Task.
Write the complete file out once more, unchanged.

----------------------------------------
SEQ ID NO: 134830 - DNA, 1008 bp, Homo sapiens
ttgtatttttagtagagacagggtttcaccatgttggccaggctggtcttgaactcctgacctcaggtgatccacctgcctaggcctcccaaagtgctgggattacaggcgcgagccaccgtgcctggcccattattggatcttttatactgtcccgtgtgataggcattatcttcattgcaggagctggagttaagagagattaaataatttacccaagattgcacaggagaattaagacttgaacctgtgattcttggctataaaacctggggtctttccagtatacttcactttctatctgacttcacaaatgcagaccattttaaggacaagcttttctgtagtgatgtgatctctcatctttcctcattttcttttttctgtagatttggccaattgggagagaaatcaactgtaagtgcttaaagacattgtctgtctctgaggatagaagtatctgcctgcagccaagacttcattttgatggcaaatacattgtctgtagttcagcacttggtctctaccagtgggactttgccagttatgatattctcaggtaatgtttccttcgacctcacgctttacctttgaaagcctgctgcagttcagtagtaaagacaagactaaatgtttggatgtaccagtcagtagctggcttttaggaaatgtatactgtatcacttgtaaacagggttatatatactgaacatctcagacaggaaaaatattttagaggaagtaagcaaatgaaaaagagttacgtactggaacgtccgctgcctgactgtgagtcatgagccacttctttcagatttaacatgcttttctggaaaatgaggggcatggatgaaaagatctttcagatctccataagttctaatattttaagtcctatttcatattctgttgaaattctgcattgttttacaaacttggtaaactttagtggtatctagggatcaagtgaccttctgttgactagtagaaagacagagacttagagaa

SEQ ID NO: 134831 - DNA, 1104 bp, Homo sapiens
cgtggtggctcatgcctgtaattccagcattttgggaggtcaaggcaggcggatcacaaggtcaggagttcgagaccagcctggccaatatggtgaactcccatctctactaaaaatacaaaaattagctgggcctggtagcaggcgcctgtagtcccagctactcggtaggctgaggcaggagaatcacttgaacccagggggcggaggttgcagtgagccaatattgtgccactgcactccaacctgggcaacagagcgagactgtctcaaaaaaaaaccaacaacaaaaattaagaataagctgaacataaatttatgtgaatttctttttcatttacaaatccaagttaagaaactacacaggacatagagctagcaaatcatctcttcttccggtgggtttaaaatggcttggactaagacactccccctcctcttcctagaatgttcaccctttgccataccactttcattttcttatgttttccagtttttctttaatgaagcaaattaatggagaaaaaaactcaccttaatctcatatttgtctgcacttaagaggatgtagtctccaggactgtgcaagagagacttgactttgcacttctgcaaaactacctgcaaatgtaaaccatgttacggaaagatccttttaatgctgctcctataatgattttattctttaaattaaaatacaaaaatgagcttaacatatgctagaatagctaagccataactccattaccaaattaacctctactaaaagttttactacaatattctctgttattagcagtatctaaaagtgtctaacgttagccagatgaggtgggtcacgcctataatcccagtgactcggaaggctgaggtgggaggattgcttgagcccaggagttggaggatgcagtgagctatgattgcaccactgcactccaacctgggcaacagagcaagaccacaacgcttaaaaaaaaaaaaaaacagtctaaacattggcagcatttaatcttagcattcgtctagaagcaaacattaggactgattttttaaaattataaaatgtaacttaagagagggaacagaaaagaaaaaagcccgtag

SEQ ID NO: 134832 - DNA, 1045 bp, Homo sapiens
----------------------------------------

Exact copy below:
SEQ ID NO: 134830 - DNA, 1008 bp, Homo sapiens
ttgtatttttagtagagacagggtttcaccatgttggccaggctggtcttgaactcctgacctcaggtgatccacctgcctaggcctcccaaagtgctgggattacaggcgcgagccaccgtgcctggcccattattggatcttttatactgtcccgtgtgataggcattatcttcattgcaggagctggagttaagagagattaaataatttacccaagattgcacaggagaattaagacttgaacctgtgattcttggctataaaacctggggtctttccagtatacttcactttctatctgacttcacaaatgcagaccattttaaggacaagcttttctgtagtgatgtgatctctcatctttcctcattttcttttttctgtagatttggccaattgggagagaaatcaactgtaagtgcttaaagacattgtctgtctctgaggatagaagtatctgcctgcagccaagacttcattttgatggcaaatacattgtctgtagttcagcacttggtctctaccagtgggactttgccagttatgatattctcaggtaatgtttccttcgacctcacgctttacctttgaaagcctgctgcagttcagtagtaaagacaagactaaatgtttggatgtaccagtcagtagctggcttttaggaaatgtatactgtatcacttgtaaacagggttatatatactgaacatctcagacaggaaaaatattttagaggaagtaagcaaatgaaaaagagttacgtactggaacgtccgctgcctgactgtgagtcatgagccacttctttcagatttaacatgcttttctggaaaatgaggggcatggatgaaaagatctttcagatctccataagttctaatattttaagtcctatttcatattctgttgaaattctgcattgttttacaaacttggtaaactttagtggtatctagggatcaagtgaccttctgttgactagtagaaagacagagacttagagaa

SEQ ID NO: 134831 - DNA, 1104 bp, Homo sapiens
cgtggtggctcatgcctgtaattccagcattttgggaggtcaaggcaggcggatcacaaggtcaggagttcgagaccagcctggccaatatggtgaactcccatctctactaaaaatacaaaaattagctgggcctggtagcaggcgcctgtagtcccagctactcggtaggctgaggcaggagaatcacttgaacccagggggcggaggttgcagtgagccaatattgtgccactgcactccaacctgggcaacagagcgagactgtctcaaaaaaaaaccaacaacaaaaattaagaataagctgaacataaatttatgtgaatttctttttcatttacaaatccaagttaagaaactacacaggacatagagctagcaaatcatctcttcttccggtgggtttaaaatggcttggactaagacactccccctcctcttcctagaatgttcaccctttgccataccactttcattttcttatgttttccagtttttctttaatgaagcaaattaatggagaaaaaaactcaccttaatctcatatttgtctgcacttaagaggatgtagtctccaggactgtgcaagagagacttgactttgcacttctgcaaaactacctgcaaatgtaaaccatgttacggaaagatccttttaatgctgctcctataatgattttattctttaaattaaaatacaaaaatgagcttaacatatgctagaatagctaagccataactccattaccaaattaacctctactaaaagttttactacaatattctctgttattagcagtatctaaaagtgtctaacgttagccagatgaggtgggtcacgcctataatcccagtgactcggaaggctgaggtgggaggattgcttgagcccaggagttggaggatgcagtgagctatgattgcaccactgcactccaacctgggcaacagagcaagaccacaacgcttaaaaaaaaaaaaaaacagtctaaacattggcagcatttaatcttagcattcgtctagaagcaaacattaggactgattttttaaaattataaaatgtaacttaagagagggaacagaaaagaaaaaagcccgtag

SEQ ID NO: 134832 - DNA, 1045 bp, Homo sapiens